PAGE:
Monday, August 17, 2015

Emergency Preparation

Not to get you worried, but the folks in Texas dealing with the big flood didn't have much time to get out of the way.
Forest fires break through to new areas with a good stiff breeze,
Home fires wake people up at 2 am as a siren blares.
Tornados, hurricanes and earthquakes occur with regularity.

Catastrophe strikes without warning, or without enough time to stop and gather.
When the proverbial *hit hits the fan (SHTF) happens, Are you ready?

My followers likely are a bit more aware but let's make sure, shall we?

Scenario One: A house fire

This incredibly common event, over 1,451,000 per year in the US causes the death of over 3000 people in a year. 

Are you ready if the Poop hits the fan?

Since I'm fortunate to have several fire fighters in my family, I'm sharing their best advice for your safety.
  1. Are there tested, working fire alarms on all floors of your home?
  2. Have you had a fire drill from all rooms in the house?
  3. Have you escaped each room without using the door?
  4. Do you have an outside of your home meeting place picked out, and do ALL of your family members know how to get there from their typical daytime and nighttime places?
  5. Do you have a plan for pets?  
Even your children need to know how, and where to meet up.  The places need to be accessible and convenient so no long walks to the spot. Once you exit a burning building, DO NOT go back inside for ANYTHING.
Once a fire has reached a certain point, the likelihood that anyone without protective gear will be able to enter and still get out safely is minimal.

For a nighttime meet up in a city or suburb, your nearest neighbor is the best spot.
Pick one, make sure it is ok with them to be the gathering spot. Each person needs to go there, report the fire to emergency responders and then STAY THERE.
Unless they are trained firefighters, they will be more a hindrance than a help.

Rural folk: Do you have a fire suppression plan inside and outside your property? Many fire companies have a longer response time to rural fires.  ASK your local department their average response time. You may want to invest in an indoor sprinkler system.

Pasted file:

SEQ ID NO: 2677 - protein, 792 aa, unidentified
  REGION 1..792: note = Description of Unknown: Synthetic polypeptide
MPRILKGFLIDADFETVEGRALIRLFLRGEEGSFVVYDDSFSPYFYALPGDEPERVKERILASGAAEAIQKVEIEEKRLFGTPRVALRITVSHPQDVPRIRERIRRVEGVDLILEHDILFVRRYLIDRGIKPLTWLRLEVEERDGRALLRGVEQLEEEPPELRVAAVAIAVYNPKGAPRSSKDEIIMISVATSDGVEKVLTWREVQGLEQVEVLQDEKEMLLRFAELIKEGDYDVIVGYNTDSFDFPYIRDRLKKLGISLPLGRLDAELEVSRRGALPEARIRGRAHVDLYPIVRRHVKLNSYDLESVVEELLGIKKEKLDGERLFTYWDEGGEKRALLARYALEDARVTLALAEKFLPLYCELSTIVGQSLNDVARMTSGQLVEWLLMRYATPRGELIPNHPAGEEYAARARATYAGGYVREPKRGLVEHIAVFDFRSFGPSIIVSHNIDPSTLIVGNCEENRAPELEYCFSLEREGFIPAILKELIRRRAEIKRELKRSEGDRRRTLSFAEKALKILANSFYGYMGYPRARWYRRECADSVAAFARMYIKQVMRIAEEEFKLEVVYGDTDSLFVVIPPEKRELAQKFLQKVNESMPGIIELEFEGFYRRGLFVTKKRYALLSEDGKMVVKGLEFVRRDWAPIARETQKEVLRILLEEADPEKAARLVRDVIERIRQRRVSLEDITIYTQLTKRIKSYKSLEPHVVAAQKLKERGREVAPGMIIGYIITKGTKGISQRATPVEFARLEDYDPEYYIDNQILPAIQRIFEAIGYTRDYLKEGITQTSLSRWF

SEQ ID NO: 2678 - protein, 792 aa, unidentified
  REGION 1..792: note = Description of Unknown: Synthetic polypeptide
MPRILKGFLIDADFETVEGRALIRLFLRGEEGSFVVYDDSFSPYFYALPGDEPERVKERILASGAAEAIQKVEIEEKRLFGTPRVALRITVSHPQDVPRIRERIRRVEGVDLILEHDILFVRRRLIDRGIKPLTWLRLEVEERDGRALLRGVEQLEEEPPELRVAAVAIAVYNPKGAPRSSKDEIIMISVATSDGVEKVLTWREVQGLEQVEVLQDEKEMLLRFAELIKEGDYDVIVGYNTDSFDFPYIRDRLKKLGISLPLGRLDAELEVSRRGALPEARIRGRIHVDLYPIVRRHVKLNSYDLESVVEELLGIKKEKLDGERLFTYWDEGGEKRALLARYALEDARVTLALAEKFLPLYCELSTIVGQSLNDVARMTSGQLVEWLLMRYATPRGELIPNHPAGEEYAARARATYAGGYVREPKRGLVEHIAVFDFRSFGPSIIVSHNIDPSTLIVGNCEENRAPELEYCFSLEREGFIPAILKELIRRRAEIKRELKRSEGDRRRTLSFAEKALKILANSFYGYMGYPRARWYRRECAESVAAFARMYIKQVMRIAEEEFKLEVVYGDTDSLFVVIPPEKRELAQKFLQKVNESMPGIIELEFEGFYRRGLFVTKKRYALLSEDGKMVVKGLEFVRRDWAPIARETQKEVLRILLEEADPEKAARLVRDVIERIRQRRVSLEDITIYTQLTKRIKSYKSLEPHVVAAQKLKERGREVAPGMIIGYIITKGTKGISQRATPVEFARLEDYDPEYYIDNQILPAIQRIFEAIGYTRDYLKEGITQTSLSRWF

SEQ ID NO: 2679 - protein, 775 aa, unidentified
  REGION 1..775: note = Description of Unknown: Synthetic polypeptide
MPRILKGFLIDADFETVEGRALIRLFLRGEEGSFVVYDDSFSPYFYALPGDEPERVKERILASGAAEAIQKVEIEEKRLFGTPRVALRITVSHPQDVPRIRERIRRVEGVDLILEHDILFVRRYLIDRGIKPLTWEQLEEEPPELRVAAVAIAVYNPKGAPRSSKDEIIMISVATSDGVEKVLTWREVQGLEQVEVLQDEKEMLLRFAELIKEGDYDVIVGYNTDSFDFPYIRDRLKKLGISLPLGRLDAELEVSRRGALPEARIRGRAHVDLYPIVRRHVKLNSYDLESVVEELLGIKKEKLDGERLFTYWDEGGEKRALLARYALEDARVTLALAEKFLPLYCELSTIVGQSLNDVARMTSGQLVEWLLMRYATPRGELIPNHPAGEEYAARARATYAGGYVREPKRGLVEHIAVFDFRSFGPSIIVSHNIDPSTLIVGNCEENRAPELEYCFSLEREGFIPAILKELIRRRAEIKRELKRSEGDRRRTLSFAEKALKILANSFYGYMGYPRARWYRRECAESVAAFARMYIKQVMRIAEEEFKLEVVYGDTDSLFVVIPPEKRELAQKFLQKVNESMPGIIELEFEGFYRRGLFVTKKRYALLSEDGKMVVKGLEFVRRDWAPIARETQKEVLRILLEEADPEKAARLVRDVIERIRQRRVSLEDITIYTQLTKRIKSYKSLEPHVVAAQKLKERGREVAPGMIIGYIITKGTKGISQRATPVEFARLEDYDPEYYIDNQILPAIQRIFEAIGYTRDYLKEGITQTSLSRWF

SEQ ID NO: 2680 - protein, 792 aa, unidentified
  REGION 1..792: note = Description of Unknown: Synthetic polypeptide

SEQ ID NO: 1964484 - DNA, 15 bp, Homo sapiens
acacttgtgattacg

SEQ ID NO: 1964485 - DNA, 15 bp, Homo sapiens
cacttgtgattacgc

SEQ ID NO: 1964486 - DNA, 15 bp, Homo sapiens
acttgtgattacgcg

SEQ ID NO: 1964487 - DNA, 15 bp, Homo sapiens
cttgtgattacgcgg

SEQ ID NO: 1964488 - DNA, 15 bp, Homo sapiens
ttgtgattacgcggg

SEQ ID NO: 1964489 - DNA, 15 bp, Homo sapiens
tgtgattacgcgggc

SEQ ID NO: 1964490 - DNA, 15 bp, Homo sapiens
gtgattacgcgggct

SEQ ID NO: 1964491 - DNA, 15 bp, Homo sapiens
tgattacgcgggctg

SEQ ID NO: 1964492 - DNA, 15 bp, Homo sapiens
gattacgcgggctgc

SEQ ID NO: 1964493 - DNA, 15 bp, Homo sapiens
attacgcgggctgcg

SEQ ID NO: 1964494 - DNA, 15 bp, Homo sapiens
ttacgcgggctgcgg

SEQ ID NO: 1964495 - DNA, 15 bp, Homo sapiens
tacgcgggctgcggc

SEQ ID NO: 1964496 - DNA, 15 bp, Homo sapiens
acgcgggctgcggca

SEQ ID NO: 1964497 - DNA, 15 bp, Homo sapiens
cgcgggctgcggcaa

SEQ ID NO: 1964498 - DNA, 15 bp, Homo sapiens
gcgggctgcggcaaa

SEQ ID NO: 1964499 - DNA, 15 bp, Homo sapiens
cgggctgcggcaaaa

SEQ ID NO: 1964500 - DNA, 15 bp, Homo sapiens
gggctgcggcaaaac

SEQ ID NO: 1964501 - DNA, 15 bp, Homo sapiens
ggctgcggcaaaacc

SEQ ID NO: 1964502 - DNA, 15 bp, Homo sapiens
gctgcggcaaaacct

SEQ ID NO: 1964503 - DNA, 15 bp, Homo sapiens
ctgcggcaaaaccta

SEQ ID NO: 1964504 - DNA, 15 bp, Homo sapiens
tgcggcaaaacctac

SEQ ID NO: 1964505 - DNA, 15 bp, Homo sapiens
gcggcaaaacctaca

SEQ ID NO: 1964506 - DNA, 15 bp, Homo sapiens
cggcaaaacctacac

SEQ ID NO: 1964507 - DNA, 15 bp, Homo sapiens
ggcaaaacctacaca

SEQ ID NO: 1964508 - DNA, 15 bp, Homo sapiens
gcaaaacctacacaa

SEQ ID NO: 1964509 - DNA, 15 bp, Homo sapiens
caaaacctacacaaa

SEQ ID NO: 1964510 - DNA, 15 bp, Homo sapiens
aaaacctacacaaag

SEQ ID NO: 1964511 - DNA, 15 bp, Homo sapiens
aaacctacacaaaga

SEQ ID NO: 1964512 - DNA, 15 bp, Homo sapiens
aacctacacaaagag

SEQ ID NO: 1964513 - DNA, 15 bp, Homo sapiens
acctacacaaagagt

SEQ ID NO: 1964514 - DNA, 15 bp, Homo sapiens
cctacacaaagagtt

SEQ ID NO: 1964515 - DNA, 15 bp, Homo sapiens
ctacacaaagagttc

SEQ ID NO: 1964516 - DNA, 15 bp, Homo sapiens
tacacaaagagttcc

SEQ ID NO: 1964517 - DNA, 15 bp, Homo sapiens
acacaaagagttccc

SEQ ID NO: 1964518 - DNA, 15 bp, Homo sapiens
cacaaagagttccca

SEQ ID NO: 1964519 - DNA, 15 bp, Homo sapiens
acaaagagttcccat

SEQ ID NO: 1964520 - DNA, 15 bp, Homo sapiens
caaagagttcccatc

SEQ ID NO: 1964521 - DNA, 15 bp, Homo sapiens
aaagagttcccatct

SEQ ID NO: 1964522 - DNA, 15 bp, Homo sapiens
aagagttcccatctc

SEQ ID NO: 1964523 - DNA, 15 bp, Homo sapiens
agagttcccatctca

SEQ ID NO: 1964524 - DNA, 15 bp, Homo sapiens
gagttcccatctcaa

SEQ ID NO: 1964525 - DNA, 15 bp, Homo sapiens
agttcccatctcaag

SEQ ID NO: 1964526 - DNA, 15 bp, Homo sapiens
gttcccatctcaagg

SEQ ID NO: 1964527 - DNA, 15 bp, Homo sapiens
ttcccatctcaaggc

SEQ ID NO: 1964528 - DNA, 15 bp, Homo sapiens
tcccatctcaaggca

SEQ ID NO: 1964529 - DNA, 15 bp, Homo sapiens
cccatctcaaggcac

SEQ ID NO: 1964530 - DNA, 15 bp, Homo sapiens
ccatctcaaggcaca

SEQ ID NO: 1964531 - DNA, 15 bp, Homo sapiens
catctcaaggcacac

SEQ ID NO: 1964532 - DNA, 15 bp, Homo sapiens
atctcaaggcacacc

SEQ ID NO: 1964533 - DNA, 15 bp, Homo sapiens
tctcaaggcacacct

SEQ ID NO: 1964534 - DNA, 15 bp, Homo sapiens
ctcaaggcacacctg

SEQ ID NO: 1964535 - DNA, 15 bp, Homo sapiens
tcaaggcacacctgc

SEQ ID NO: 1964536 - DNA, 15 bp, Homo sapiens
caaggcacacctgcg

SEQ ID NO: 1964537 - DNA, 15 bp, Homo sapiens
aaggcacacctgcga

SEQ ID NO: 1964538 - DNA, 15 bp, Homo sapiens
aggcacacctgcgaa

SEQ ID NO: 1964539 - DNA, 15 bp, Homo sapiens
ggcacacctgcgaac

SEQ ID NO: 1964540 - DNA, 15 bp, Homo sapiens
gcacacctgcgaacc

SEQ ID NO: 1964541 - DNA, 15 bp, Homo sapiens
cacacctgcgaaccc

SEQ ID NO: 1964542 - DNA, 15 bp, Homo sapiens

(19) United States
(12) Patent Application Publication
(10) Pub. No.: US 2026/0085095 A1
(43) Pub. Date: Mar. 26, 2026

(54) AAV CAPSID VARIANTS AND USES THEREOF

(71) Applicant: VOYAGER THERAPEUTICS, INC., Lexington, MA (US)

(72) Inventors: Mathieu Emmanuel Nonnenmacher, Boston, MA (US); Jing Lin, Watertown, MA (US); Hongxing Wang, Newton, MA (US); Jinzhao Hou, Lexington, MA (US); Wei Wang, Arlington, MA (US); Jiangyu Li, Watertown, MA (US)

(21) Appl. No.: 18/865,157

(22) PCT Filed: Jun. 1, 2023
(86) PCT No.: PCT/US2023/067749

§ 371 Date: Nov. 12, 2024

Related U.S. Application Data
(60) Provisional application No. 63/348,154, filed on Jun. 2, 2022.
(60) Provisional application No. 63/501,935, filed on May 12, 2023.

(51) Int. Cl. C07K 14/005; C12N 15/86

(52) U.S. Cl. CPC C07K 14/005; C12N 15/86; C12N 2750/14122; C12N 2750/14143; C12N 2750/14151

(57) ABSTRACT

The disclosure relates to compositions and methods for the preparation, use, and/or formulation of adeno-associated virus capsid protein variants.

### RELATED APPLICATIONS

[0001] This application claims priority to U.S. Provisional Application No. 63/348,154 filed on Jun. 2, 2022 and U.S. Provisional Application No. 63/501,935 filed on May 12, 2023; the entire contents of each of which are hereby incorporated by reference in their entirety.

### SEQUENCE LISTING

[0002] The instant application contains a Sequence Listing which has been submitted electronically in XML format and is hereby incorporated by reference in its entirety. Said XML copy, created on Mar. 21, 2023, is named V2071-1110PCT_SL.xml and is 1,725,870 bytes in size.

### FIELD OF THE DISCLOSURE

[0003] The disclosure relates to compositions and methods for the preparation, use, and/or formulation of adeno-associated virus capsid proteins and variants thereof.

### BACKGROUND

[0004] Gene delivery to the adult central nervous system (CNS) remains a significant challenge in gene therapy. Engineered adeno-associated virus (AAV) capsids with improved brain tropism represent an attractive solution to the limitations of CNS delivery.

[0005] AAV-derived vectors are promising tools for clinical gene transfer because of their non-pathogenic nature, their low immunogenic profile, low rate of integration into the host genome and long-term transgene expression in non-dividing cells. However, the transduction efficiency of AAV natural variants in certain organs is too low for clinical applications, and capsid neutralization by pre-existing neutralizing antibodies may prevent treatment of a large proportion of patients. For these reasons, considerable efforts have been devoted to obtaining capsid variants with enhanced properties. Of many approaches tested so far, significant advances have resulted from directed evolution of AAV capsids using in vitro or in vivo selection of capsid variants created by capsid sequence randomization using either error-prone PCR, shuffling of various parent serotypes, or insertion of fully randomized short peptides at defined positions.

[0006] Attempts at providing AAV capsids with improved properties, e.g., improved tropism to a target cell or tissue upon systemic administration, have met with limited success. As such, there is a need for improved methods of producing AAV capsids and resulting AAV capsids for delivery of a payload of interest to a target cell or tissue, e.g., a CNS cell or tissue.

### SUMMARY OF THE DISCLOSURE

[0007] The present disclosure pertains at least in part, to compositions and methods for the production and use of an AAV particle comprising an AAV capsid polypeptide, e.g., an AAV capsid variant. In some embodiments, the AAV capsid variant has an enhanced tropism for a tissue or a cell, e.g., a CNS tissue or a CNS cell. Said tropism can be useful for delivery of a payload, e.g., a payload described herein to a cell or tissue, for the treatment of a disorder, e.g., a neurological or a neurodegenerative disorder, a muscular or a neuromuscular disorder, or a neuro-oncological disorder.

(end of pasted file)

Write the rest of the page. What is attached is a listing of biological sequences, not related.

If you have an additional buildings on your property, do they have an independent fire alarm?
Meet up spots in rural situations might mean picking an outbuilding or hopping in a car to get to a phone unless you carry a cell at all times.

Daytime is likely to be more flexible with parents at work and children at school, but you need a plan to contact everyone in the family.

Advanced preparations

Each person in the home should have practiced leaving each room, once using the door, another time using the window or second exit. If your bedroom doesn't have a second exit, it isn't a legal bedroom. Seriously consider sleeping elsewhere. 
If you need a ladder to exit through the window, get one like this collapsible one, and leave it at the window.

Each person should have a pair of hard soled, slip on or easily laced shoes at the edge of the bed. Frequently, not having footwear immediately accessible allows for injuries.

Having a towel in the room, easily grabbable, will give some protection from smoke, acting as a filter for breathing. Each of our bedrooms has a hook on the door for a towel, right above the bug out bag on the floor. 

Remember, stay low and breathe through the towel to filter some of the smoke. 

When you leave a room, first feel the doorknob BEFORE you open the door.
If it is hot, go out the other exit. DO NOT OPEN THE DOOR.
If it is not hot, open the door, stay low and exit as quickly as possible, then close the door again.
This might prevent damage to the rooms contents.
Do not open windows to "clear the air". An open window provides more oxygen for the fire to use to expand.
Get out of the house as quickly as possible, pounding on other occupied rooms doors to alert.
Call 911 or your area's emergency number once out.
Wait for the fire fighters to arrive while counting people who have exited the building.  Have ready a count of who and what pets are still in the building and likely rooms to be searched.

DO NOT ever call your pet your baby. Realize that firefighters are parents too. They will do everything in their ability to safe a human, including taking serious risks. Although your pet is vital to you, please make sure the firefighter understands it is a PET and not a BABY they are searching for in the dark, hot, smoky fire. The searches are different and far more complex for a mobile pet than a baby.

Stay out of the building.

I'm going to repeat that because my brother the fireman gets to deal with these folks.

Firemen in full turn out gear
My Family Firemen

Without protective gear, you will be overcome by the smoke within minutes.

Let the folks with the training and gear, get their job done as quickly as possible.

The best way to help a firefighter who is working is to stay out of thier way. They practice and train constantly to get in, rescue people and pets, get it knocked down and get out.  Don't be an obstacle in their way.

Once out of the building, hopefully you have a bug out bag in your car for your immediate needs.

Don't have or don't know what a bug out bag is?   Read this post. 

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